Country music fans are likely to see empty seats at Tiger Stadium when Luke Bryan, Eric Church and Jason Aldean visit for Bayou Country Superfest over Memorial Day weekend.

Tickets are still available all three days of the show — in fact, fans with the cash could still buy a 40-seat block for each day as of Tuesday afternoon. Online scalpers are asking for less than face value for already purchased tickets, though prices haven’t dropped as much as last year, when some sellers were willing to part with their seats for less than half of what they paid.

Industry professionals say the market for live country music is just too crowded, and several promoters have canceled or suspended shows this summer, including Festival Productions Inc., which puts on Superfest. The company planned a festival at the Talladega Superspeedway in Alabama over the Fourth of July weekend. But in February, “Dega Jam” was canceled before it began. A track spokesman told The Anniston Star only that it was “a business decision.”

“There is an oversaturation in the market. ... You’ve got a festival on every corner,” said Nash FM and Classic Hits 103.3 DJ Scott Innes, who is producing this summer’s Cajun Country Jam at the Lamar-Dixon Expo Center in Gonzales around Independence Day.

“It’s mass hysteria. I’m in radio and I can’t fathom all that’s going on. ... I know that people are struggling to sell tickets.”

Last month, concert trade publication Pollstar wrote that 23 “major” 2016 festivals had been canceled. Except for a few in Australia and Asia, all were country music shows.

“In general, we have seen some weakness in the country festival market this year, and several shows have been downsized, canceled or just decided to skip this year. We may have reached the saturation point given the current talent pool,” Pollstar’s editor-in-chief, Gary Bongiovanni, wrote in an email.

It’s hard to tell what that will mean for Bayou Country Superfest, which receives some taxpayer subsidies. Visit Baton Rouge provides $200,000 and the state’s provides $100,000, while the city-parish rebates sales taxes on ticket sales.

Producer Quint Davis declined through a spokeswoman to comment for this article. Unlike some other concerts, his company — which also produces the New Orleans Jazz & Heritage Festival — doesn’t provide attendance or sales data to Pollstar, Bongiovanni said.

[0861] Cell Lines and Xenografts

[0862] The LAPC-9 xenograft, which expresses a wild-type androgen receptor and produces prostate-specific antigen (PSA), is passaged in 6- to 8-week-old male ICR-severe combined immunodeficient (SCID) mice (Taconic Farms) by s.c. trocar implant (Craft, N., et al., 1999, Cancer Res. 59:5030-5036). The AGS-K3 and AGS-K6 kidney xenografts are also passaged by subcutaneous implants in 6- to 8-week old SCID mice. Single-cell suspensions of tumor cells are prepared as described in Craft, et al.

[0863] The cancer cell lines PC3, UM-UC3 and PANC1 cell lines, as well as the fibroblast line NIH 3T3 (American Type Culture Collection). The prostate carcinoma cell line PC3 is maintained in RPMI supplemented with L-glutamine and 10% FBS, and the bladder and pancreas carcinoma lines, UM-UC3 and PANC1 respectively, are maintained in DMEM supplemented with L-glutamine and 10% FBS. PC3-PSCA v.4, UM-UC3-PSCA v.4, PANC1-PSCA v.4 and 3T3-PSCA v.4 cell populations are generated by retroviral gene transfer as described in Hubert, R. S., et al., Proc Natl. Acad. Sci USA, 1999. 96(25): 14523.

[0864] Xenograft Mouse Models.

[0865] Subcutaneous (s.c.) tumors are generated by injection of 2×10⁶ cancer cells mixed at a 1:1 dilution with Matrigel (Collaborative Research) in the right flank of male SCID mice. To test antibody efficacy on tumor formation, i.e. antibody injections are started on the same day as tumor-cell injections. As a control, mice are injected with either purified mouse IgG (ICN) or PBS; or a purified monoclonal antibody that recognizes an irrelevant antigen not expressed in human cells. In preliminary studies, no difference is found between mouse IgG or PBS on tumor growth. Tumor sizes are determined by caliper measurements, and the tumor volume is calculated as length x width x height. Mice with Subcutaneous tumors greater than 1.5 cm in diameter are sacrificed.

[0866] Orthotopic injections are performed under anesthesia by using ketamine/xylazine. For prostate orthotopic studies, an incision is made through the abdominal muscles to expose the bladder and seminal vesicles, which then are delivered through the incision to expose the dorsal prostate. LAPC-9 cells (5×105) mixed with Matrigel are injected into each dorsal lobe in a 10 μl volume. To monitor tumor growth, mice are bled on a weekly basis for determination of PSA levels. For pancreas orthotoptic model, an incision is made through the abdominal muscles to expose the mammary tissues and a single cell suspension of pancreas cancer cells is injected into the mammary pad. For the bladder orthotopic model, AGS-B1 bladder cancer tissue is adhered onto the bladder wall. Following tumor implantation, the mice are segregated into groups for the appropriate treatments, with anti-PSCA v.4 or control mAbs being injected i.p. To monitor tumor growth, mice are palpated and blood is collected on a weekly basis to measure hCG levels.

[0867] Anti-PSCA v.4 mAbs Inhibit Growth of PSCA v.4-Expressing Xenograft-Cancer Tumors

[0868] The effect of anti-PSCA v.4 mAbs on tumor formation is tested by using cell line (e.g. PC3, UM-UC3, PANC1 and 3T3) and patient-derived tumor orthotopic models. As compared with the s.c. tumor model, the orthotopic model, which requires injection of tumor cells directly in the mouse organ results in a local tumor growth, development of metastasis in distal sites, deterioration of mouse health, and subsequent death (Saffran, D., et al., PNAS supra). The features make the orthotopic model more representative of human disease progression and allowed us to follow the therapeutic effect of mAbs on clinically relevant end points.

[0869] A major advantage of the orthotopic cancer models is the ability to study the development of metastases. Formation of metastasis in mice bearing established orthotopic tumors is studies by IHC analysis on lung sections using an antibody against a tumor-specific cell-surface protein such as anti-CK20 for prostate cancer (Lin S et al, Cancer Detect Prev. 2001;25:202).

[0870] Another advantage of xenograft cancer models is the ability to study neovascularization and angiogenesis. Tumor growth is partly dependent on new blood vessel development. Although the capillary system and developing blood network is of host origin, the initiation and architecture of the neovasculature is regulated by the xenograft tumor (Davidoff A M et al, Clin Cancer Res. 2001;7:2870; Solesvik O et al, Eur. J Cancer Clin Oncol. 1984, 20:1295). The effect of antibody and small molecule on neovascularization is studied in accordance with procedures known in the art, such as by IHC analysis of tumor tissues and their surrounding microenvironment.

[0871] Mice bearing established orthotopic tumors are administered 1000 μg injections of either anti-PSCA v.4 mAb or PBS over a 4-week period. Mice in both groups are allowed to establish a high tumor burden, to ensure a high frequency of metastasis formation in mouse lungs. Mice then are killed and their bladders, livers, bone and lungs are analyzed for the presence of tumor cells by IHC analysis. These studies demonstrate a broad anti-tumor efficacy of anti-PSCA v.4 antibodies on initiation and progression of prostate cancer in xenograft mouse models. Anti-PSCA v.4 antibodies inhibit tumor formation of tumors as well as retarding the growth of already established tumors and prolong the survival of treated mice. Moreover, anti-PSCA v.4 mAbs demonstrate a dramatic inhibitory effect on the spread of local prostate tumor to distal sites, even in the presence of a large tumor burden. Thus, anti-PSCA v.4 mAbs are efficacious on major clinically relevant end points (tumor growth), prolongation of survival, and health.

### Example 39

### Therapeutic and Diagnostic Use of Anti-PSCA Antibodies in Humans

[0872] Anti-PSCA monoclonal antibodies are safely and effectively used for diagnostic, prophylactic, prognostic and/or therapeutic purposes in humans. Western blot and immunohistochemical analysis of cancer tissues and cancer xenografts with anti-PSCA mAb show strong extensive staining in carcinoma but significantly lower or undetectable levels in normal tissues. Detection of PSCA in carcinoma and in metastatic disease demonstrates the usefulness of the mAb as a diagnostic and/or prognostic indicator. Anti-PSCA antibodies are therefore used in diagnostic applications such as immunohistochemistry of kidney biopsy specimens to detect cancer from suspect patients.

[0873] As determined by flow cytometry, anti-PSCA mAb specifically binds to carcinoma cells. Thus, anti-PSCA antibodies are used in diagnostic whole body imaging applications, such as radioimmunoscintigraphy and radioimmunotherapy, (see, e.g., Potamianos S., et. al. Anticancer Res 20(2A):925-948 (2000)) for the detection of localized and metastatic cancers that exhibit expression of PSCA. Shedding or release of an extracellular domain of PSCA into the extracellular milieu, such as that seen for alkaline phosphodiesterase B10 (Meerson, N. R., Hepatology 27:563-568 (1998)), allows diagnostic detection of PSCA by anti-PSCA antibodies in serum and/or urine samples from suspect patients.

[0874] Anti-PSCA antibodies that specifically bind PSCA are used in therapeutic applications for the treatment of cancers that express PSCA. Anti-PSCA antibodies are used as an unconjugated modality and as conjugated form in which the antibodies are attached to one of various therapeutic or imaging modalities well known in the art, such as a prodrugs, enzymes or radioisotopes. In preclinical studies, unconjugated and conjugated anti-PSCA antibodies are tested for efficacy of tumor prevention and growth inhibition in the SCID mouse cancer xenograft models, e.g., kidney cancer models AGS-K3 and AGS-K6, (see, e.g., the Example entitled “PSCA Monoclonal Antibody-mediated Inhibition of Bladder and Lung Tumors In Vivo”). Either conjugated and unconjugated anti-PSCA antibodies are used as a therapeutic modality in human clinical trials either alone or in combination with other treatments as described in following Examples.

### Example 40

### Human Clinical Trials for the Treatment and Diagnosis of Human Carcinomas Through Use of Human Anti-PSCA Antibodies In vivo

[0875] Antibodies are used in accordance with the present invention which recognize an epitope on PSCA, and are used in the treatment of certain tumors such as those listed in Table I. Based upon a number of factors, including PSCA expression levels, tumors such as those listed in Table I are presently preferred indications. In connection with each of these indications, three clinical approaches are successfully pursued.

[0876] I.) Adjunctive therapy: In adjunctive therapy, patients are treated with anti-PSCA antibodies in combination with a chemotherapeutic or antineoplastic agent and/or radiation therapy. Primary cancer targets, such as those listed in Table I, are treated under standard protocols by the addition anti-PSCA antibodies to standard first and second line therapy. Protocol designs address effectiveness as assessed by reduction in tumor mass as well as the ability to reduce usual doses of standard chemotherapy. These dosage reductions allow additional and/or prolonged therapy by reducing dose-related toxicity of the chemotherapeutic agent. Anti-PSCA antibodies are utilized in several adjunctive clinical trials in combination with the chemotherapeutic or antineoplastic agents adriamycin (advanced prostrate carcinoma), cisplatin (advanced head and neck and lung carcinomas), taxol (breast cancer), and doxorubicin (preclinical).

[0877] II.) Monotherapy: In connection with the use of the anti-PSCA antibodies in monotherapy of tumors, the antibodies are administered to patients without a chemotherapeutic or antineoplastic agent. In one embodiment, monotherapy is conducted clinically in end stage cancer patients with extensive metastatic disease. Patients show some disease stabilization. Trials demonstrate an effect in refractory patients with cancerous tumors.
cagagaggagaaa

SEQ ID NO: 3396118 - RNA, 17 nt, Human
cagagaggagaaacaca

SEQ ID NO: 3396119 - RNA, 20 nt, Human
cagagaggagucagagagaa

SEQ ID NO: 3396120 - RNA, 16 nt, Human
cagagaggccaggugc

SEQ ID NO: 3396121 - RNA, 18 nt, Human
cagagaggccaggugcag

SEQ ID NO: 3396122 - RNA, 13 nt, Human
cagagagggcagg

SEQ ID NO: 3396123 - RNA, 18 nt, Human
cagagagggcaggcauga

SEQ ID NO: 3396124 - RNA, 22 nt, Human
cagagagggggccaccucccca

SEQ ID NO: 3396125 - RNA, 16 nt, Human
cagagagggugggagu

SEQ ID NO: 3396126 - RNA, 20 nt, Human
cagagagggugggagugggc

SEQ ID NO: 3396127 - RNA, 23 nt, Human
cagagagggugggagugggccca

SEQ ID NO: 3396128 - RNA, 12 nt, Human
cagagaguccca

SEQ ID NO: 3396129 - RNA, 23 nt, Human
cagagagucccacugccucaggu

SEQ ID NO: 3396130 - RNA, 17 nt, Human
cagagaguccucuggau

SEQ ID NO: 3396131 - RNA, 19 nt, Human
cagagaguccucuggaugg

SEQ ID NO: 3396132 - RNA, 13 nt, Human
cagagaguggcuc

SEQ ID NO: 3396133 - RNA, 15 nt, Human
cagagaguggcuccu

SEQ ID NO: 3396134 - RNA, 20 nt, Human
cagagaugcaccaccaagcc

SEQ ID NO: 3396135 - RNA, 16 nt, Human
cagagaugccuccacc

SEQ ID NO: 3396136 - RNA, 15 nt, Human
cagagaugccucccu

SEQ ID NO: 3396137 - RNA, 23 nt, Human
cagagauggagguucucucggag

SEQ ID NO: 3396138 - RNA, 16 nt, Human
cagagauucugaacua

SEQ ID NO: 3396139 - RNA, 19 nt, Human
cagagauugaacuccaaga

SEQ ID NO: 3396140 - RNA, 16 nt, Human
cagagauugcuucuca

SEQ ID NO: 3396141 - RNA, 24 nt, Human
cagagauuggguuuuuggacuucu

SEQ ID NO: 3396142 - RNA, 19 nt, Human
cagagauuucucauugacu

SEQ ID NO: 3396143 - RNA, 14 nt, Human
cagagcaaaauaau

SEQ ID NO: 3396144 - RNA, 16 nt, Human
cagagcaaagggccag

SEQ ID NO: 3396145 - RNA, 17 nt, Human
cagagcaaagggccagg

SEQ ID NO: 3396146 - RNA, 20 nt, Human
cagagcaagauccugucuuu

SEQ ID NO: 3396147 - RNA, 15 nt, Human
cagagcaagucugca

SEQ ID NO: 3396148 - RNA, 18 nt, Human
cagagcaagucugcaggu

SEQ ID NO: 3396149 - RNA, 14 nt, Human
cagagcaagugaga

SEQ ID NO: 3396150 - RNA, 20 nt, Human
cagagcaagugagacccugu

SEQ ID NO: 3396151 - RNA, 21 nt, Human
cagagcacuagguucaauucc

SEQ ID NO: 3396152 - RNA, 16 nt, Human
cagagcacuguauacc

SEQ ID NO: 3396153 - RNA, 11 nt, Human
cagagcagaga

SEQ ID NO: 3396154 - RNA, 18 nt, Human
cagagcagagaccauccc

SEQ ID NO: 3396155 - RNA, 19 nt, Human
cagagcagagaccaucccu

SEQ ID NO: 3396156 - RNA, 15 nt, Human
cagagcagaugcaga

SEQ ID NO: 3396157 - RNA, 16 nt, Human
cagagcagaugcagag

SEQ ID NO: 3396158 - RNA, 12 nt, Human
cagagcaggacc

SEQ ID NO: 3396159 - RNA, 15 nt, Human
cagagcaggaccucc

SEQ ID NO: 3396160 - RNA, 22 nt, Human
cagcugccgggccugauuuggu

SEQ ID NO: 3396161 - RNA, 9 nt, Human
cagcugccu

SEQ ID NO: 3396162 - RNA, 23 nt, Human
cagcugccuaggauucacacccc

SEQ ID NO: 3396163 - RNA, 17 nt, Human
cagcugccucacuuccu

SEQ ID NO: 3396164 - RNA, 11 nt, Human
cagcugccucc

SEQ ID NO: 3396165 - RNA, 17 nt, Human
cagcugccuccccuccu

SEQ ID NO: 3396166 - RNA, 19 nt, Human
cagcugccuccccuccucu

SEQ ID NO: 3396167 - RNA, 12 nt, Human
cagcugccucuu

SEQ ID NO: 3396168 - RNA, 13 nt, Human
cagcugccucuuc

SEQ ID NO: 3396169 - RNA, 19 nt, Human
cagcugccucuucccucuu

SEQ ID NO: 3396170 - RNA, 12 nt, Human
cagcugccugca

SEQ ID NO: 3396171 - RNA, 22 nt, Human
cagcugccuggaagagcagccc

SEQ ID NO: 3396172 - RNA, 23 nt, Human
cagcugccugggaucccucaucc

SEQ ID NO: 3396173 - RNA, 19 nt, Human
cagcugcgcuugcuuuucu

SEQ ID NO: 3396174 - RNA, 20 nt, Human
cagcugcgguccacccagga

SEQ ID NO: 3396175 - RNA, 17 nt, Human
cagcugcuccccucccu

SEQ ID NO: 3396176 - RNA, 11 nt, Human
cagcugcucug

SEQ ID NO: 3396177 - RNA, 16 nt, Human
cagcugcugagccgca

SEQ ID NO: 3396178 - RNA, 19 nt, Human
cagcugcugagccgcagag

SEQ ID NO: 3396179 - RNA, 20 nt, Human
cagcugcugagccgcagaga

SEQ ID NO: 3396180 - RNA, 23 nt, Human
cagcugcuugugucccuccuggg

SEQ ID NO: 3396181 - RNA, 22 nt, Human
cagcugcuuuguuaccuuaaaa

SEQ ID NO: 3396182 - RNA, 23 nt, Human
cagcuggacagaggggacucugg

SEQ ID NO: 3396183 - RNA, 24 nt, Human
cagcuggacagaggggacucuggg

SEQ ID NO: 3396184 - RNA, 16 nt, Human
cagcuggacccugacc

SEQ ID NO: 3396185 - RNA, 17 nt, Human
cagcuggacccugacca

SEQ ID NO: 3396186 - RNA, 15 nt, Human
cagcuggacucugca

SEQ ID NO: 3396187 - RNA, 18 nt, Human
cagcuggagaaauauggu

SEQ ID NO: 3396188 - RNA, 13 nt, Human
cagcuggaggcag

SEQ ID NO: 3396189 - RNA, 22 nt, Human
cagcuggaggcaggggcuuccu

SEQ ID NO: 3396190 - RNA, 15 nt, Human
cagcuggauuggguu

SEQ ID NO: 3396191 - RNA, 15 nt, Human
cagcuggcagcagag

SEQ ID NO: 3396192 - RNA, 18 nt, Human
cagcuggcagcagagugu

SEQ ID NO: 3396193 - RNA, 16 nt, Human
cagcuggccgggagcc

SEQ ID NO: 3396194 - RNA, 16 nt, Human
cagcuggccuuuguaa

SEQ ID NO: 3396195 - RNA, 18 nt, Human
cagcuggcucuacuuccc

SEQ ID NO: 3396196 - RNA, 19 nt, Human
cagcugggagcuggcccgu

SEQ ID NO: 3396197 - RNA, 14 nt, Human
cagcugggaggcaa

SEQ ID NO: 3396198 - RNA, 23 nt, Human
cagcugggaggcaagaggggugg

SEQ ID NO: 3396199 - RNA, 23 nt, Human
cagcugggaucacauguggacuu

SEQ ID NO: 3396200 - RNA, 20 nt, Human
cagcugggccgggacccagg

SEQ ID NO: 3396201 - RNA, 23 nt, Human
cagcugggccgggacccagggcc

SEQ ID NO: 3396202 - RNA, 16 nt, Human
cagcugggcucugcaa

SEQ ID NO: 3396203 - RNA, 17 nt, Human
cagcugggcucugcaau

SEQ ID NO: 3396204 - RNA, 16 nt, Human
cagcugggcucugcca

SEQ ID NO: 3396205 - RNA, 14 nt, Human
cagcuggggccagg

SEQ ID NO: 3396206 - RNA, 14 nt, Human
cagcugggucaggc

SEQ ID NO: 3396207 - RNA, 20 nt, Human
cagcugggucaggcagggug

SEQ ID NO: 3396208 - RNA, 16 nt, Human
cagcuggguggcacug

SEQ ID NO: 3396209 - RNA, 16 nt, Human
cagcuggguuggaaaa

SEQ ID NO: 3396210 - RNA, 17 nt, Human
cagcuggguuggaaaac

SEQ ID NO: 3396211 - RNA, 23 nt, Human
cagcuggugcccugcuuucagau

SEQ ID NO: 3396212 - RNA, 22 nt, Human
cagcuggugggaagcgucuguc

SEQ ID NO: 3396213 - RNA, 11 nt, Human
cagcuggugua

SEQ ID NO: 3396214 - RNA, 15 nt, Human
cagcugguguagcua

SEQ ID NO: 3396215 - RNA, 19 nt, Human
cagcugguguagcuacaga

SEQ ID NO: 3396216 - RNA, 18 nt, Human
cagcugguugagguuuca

Davis has said 125,000 people attended last year, although that number included a Friday night Taylor Swift show that was part of her “1989” tour, not Superfest, and that opened up more seating areas in Tiger Stadium, according to an LSU official.

Visit Baton Rouge, which is both a tourism office and a Superfest sponsor, doesn’t receive attendance information until after the curtains close, said President Paul Arrigo. However, he noted that after seven years, the show has established itself in the community.

“I don’t know why we would not expect it next year,” he said.

He’s also waiting to hear back from local hotels who cater to country music fans. Tuesday afternoon, local hotels’ websites were mixed — variously advertising vacancies, some rooms for rent on some days or full occupancy.

In addition to the Baton Rouge Superfest and the canceled Dega Jam, Festival Productions will put on Buckeye Country Superfest in Columbus, Ohio, next month. The concert promoters once held the Florida Country Superfest in Jacksonville but have moved to the infield of the Daytona International Speedway this year, rebranding it as the Country 500.

Local media reported that the production company had committed to performing the Jacksonville show for three years but moved out after two, saying it struck a new deal to perform at International Speedway Corporation Tracks.

Though the Daytona and Baton Rouge events occur the same weekend and both feature Aldean and Bryan, the venues are different — single-day tickets in Florida are all $75 general admission and were still available Tuesday for each day of the show.

Bayou Country Superfest does have some advantages over festivals that have fizzled out this summer. According to Pollstar, many of those that canceled were new or had trouble securing the right acts or venue, while Superfest has been in the same location for years and has attracted A-list performers.

But Innes, the local DJ and producer, said those bands are one of the factors causing festivals to sink. If Swift or Bryan came up 20 years ago, they might be able to demand $90,000 or $100,000 per show, but now, the top acts can walk away with $1 million, he said.

“The only one that’s making money is the artist. ... It’s a cross-your-fingers deal (for promoters to turn a profit),” he said, remarking that he’s not sure when the system will change.

In addition to money from sales, the Superfest does have one other source of funding — the government.

In addition to the city tourism office, the state’s economic development office, city-parish government and Louisiana tourism office all sponsor Superfest.

The city rebates the sales tax on ticket sales, said Chief Administrative Officer William Daniel.

The city-parish used to offer a $300,000 subsidy, but the East Baton Rouge Parish Metro Council halted the arrangement in 2010.

Louisiana Economic Development is listed as a sponsor, though it hasn’t directly provided any funding, said spokesman Joe Coussan. However, if a performer launches into a tour after the Superfest, he or she may apply to the state for entertainment economic incentives.

Editor’s note: This article was changed on May 25, 2016, to note that Scott Innes is a DJ at Nash FM and Classic Hits 103.3 and to note that this year’s Cajun Country Jam will be held at the Lamar Dixon Expo Center in Gonzales.

Follow Steve Hardy on Twitter, @SteveRHardy.